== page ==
"For the first four years I was with the Rangers, we only had one goalie. In practices, we had a board in front of one net. It was ridiculous. We had better conveniences in Junior than we did in New York! We had two goalies there. It didn't lend itself to winning hockey, that's for sure," says Bathgate, shaking his head. "They were really just filling the Garden an extra couple of nights per week. There was wrestling every Monday, boxing every Friday, the (basketball) Knicks would have two games a week and we would have two plus there'd be a concert or some other attraction There was always something on at Madison Square Garden. If we did make the playoffs, the circus would take over and we'd have to leave the Garden and play all our games on the road. There was no incentive to go out and make sure you won. It was a very poor situation. Maybe 5,000 or 5,500 people showed up when I first played in New York and then that changed. Within two years, we got some young fellas like Louie Fontinato and I started to produce, but it wasn't a good atmosphere."

Andy Bathgate was traded to the Detroit Red Wings in 1965
In the second blockbuster trade of his outstanding career, Bathgate, Billy Harris and Gary Jarrett were sent to Detroit for Marcel Pronovost, Eddie Joyal, Larry Jeffrey, Lowell MacDonald and Aut Erickson on May 20, 1965.
Yet, surrounded with a lineup that often looked like it was held together with bandages and hockey tape, Bathgate was able to shine. Andy was named to the NHL First All-Star Team in 1959 and 1962, and was selected for the Second Team in '58 and '63. In 1959, in spite of the Rangers finishing in fifth place and out of the playoffs, Andy Bathgate was named the NHL's Most Valuable Player, and was awarded the Hart Trophy. Bathgate and Chicago's Bobby Hull tied for the regular season scoring championship with 84 points in 1961-62, but Hull was awarded the Art Ross Trophy because he had scored more goals.

Then, the Toronto Maple Leafs and New York Rangers consummated a trade of blockbuster proportions. Andy Bathgate and Don McKenney were sent from the Rangers to the Leafs in exchange for Dick Duff, Bob Nevin, Rod Seiling, Arnie Brown and Bill Collins on February 22, 1964. Toronto coach Punch Imlach claimed that Bathgate was the final ingredient needed for the Leafs to win a third consecutive championship. "It wasn't a real shock when I got traded to Toronto. I was the captain for a while. They were trading away young fellas and it was a continual development for other teams to take our better players and those young players had quality. As the captain, I spoke up and they didn't care for that and eventually, I knew the resentment was building up and I was traded to Toronto."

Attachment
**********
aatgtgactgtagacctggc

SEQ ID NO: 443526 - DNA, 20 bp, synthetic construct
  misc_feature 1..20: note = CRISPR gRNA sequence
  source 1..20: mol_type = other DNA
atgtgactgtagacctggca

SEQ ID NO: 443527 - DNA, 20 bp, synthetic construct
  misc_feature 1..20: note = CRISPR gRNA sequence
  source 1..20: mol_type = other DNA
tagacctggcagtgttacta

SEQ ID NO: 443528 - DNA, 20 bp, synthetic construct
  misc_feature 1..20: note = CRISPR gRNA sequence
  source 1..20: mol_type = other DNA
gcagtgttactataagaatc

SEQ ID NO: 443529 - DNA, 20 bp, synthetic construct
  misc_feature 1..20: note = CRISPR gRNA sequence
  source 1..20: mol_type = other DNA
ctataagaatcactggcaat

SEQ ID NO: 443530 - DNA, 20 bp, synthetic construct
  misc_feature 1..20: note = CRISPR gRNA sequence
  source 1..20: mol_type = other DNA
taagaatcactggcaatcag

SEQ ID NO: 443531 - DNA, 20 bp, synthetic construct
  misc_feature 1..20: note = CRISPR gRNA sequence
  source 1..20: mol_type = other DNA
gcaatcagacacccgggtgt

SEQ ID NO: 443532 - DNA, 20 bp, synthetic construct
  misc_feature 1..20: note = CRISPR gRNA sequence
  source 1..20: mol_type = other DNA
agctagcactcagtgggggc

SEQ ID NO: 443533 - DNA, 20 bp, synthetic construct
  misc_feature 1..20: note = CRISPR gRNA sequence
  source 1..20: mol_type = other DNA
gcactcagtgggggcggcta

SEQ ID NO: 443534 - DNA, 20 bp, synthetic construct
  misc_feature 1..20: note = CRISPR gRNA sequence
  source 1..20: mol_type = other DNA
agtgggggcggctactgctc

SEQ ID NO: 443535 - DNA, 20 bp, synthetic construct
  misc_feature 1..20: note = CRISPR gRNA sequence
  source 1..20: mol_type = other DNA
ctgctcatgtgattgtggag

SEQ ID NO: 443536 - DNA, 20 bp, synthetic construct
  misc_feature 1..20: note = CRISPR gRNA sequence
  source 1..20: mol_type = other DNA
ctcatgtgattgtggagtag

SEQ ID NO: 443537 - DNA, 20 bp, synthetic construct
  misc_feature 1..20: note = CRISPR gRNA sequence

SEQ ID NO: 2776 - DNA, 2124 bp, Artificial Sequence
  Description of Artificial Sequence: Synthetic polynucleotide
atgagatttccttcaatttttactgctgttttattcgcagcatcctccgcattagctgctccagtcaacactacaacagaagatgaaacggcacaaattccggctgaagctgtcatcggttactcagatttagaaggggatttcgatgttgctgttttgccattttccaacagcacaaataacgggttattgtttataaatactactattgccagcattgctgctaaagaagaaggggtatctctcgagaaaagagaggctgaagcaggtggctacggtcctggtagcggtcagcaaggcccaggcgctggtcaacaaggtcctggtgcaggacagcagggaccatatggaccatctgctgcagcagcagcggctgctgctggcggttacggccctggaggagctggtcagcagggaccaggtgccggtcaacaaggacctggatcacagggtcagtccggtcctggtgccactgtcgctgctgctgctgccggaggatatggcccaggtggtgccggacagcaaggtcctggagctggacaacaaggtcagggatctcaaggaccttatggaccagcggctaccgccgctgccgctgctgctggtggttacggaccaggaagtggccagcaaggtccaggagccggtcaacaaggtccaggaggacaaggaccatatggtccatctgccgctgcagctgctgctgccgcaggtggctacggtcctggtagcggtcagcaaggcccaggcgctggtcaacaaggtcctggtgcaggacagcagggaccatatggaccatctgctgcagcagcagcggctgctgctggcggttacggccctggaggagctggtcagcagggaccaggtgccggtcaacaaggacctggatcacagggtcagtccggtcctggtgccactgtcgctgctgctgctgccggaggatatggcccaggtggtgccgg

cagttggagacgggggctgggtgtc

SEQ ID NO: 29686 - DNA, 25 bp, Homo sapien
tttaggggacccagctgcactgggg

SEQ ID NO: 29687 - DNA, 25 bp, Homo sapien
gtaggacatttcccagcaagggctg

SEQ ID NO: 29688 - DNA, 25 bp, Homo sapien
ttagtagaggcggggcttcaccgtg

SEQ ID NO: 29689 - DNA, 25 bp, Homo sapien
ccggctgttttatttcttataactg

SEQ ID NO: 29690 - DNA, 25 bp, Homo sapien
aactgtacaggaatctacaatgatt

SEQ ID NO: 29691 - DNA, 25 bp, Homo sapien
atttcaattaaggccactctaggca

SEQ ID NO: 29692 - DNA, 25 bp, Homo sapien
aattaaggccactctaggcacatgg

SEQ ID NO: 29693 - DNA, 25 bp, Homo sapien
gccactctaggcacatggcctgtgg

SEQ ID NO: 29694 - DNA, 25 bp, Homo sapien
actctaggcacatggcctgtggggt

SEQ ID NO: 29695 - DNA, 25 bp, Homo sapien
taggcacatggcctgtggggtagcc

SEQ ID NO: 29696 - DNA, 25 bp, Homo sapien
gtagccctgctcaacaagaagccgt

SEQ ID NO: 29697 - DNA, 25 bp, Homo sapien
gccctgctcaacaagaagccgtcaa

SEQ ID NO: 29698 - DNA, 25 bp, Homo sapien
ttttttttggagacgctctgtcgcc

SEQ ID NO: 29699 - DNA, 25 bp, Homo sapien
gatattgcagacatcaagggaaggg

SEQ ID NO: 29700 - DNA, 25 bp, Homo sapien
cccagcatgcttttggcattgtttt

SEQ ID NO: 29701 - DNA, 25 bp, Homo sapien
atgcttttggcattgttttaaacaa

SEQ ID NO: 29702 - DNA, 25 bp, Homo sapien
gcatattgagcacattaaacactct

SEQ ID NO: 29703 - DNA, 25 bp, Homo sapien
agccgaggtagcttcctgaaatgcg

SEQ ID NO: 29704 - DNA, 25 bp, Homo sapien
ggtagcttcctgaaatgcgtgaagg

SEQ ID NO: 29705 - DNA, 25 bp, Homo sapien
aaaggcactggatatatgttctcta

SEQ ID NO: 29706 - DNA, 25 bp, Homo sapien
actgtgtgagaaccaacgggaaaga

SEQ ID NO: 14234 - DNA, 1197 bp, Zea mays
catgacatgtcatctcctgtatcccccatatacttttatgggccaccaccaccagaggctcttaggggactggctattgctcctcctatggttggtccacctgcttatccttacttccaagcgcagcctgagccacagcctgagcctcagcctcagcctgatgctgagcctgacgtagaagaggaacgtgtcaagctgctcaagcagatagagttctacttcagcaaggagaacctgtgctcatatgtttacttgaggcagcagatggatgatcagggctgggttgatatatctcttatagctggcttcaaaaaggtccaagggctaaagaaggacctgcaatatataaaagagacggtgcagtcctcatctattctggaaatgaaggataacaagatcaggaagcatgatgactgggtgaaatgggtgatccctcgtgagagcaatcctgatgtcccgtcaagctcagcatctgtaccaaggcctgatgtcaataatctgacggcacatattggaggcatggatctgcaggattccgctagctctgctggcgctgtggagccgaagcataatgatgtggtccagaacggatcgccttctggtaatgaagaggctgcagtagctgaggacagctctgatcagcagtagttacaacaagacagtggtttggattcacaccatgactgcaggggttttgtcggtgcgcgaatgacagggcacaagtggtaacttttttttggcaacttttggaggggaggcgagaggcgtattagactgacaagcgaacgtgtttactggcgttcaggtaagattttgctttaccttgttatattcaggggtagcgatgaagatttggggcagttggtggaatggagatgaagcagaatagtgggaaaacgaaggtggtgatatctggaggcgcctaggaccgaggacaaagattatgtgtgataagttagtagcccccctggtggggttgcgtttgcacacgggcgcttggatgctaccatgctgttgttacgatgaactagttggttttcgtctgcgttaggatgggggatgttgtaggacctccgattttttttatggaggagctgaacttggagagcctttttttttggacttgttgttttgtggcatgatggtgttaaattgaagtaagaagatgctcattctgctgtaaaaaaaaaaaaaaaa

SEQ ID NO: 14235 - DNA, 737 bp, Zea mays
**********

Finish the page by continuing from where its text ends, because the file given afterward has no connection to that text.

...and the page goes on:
Toronto was a good experience for Bathgate, who scored the Stanley Cup-winning goal that spring as the Leafs defeated the Detroit Red Wings. But the next year was difficult for Andy. "I broke my thumb and never did get going after that. Punch wanted a fourth Cup and had us practicing twice a day in the playoffs. We were pooped from practicing so much." The Montreal Canadiens sent the Leafs packing in six games in the semi-finals in the spring of '65.

That summer, Andy was traded to Detroit with Billy Harris and Gary Jarrett in another blockbuster that sent Marcel Pronovost, Eddie Joyal, Larry Jeffrey, Lowell MacDonald and Aut Erickson to Toronto.

Detroit was home to Bathgate the next two seasons but the thumb hampered his productivity. Then, in 1967, as the league doubled in size, the 35-year old Bathgate was claimed by the Pittsburgh Penguins in the NHL Expansion Draft. In 1967-68, Andy led the fledgling Penguins in scoring with 59 points, but was loaned to the Vancouver Canucks of the Western Hockey League for two seasons. "I was actually traded to Montreal and they wanted me to coach the Voyageurs (of the American Hockey League), but I didn't think I was ready to retire so I went and played two years in Vancouver and we won two championships in the Western Coast League," Andy says. "I didn't go out and dog it just because I had the NHL reputation. I really applied myself and I won an MVP (the Leader Cup) and a scoring title in Vancouver."

"Then I went to Pittsburgh for my final year," concludes Bathgate. It had been two years since Andy had pulled on a Penguins sweater, but in 1970-71, he did just that and contributed 15 goals and 44 points to the Pittsburgh attack. "Then, there comes a time that you've got to hang them up and that was the time for me. It was good. I had a really good career."

It was so much more than a really good career. Andy Bathgate played 1,069 games in the National Hockey League, scoring 349 goals and 624 assists for 973 points. A four-time All-Star, Andy Bathgate was inducted into the Hockey Hall of Fame in 1978.

Kevin Shea is the Hockey Hall of Fame's Manager of Special Projects and Publishing.